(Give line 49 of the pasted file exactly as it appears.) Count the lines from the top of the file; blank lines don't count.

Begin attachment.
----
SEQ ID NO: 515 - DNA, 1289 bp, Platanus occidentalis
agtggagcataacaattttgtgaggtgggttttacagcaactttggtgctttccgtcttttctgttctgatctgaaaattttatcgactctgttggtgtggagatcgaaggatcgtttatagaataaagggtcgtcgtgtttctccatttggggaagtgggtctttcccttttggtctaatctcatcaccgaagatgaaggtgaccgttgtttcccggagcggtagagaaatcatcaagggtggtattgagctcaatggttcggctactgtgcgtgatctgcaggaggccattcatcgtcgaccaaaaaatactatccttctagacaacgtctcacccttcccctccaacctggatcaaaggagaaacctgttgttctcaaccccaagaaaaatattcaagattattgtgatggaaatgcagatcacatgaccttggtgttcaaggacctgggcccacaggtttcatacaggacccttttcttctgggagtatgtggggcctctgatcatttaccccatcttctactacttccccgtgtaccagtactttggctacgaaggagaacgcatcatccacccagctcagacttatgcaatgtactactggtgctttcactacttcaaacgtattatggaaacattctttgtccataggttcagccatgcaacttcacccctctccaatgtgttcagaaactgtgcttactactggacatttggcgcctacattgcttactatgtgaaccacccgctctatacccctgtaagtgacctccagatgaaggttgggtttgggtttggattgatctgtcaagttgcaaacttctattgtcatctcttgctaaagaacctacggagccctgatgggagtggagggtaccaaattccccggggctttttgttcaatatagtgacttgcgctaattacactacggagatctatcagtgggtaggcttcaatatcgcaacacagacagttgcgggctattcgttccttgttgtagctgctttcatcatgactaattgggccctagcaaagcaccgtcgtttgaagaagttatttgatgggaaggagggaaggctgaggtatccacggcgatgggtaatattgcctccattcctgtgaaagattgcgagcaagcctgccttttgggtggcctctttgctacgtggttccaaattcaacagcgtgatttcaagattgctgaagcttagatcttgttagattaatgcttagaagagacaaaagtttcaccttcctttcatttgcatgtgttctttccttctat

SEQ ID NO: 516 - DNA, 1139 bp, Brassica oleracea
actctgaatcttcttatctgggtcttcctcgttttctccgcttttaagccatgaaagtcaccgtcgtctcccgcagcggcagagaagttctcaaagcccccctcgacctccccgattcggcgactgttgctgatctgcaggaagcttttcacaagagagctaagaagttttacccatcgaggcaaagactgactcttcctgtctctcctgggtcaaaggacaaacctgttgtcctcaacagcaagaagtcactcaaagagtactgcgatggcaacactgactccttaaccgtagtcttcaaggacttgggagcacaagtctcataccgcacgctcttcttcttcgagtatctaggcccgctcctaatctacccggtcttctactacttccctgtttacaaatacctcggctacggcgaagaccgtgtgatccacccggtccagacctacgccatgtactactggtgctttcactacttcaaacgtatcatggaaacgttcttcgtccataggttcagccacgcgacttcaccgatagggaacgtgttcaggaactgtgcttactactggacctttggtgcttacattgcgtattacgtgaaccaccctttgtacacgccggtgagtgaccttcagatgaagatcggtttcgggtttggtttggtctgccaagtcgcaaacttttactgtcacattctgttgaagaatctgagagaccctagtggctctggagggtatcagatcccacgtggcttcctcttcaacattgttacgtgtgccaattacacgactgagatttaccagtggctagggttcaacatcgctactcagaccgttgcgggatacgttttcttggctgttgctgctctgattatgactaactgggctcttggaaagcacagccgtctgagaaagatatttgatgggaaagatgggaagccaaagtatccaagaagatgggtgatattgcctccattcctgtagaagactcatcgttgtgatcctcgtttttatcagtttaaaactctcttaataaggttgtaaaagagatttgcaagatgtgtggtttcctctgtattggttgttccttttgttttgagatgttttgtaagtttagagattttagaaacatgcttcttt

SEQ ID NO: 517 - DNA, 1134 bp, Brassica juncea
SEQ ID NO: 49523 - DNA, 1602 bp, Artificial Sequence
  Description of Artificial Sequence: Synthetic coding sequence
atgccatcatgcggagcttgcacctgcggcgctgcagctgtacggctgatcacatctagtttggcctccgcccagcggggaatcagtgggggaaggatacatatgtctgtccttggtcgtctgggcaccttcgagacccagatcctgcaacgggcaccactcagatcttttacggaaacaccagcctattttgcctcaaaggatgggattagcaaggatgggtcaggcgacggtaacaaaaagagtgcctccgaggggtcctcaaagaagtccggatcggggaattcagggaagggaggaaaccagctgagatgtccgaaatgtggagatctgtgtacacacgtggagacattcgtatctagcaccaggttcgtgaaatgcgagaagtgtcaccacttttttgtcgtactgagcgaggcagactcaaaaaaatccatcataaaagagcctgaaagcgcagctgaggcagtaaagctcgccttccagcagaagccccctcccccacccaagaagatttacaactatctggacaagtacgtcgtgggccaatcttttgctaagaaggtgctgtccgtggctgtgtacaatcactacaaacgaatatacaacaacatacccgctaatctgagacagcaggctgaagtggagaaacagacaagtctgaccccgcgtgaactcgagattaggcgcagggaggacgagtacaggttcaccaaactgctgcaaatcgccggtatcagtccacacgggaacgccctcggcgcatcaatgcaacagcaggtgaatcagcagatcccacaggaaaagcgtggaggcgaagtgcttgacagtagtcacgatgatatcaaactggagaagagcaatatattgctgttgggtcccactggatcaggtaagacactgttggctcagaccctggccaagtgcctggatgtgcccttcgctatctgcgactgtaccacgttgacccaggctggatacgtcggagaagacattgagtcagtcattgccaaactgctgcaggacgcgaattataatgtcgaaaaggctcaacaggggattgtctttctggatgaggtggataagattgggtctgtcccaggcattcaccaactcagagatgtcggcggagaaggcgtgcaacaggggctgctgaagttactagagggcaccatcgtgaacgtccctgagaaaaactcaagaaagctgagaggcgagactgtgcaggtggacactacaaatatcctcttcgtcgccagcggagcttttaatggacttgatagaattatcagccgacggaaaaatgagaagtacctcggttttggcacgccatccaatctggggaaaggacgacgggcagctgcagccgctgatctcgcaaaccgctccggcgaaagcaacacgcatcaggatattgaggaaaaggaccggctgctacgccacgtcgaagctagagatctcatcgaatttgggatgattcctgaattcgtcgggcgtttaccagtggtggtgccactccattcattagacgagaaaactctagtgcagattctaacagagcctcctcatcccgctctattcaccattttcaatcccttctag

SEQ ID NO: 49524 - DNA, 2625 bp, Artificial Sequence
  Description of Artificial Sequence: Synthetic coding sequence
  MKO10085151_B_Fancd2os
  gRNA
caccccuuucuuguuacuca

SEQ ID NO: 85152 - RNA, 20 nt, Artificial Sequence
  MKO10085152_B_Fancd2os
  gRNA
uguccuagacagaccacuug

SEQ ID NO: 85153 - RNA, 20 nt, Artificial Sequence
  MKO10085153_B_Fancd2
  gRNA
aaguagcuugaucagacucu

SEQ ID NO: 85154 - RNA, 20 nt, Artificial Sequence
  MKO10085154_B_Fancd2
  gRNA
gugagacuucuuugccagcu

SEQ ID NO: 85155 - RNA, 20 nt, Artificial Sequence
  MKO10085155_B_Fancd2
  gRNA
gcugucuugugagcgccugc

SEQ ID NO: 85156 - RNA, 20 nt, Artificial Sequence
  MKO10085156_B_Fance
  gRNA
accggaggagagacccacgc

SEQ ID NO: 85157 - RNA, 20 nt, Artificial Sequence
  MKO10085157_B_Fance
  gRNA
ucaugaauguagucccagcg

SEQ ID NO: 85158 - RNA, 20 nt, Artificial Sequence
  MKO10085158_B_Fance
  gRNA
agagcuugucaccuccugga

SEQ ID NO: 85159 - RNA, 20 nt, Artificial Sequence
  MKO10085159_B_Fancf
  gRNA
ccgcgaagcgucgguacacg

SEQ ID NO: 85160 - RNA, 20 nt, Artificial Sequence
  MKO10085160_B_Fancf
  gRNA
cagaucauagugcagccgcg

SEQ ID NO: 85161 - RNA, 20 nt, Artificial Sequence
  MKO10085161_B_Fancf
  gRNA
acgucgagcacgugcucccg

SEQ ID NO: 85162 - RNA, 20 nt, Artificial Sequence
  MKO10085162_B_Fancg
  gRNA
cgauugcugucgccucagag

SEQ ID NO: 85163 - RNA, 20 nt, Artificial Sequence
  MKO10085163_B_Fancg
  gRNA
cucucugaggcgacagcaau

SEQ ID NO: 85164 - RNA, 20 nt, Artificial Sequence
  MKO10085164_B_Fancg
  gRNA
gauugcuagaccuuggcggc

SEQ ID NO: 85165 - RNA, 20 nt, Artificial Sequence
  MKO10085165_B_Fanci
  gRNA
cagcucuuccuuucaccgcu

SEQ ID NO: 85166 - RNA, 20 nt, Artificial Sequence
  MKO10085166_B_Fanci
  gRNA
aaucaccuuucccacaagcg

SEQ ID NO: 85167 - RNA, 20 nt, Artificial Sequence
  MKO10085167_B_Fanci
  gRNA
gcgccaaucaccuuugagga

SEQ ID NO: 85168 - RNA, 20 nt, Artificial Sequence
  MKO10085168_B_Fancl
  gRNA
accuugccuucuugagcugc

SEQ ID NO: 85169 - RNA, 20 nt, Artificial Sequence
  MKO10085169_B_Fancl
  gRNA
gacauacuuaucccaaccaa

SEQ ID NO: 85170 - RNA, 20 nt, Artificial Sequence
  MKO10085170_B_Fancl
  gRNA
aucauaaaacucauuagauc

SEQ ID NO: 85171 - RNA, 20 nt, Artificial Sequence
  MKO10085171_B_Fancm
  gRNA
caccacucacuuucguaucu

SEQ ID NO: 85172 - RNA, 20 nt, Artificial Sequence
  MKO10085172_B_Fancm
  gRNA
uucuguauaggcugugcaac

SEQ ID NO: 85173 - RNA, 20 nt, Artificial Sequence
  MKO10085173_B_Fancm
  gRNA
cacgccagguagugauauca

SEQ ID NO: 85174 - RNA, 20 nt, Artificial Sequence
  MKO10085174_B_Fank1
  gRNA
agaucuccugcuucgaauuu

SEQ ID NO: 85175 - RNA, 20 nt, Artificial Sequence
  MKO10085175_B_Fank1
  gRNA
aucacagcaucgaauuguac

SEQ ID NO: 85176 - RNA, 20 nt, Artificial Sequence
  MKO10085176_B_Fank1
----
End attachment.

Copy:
cagaucauagugcagccgcg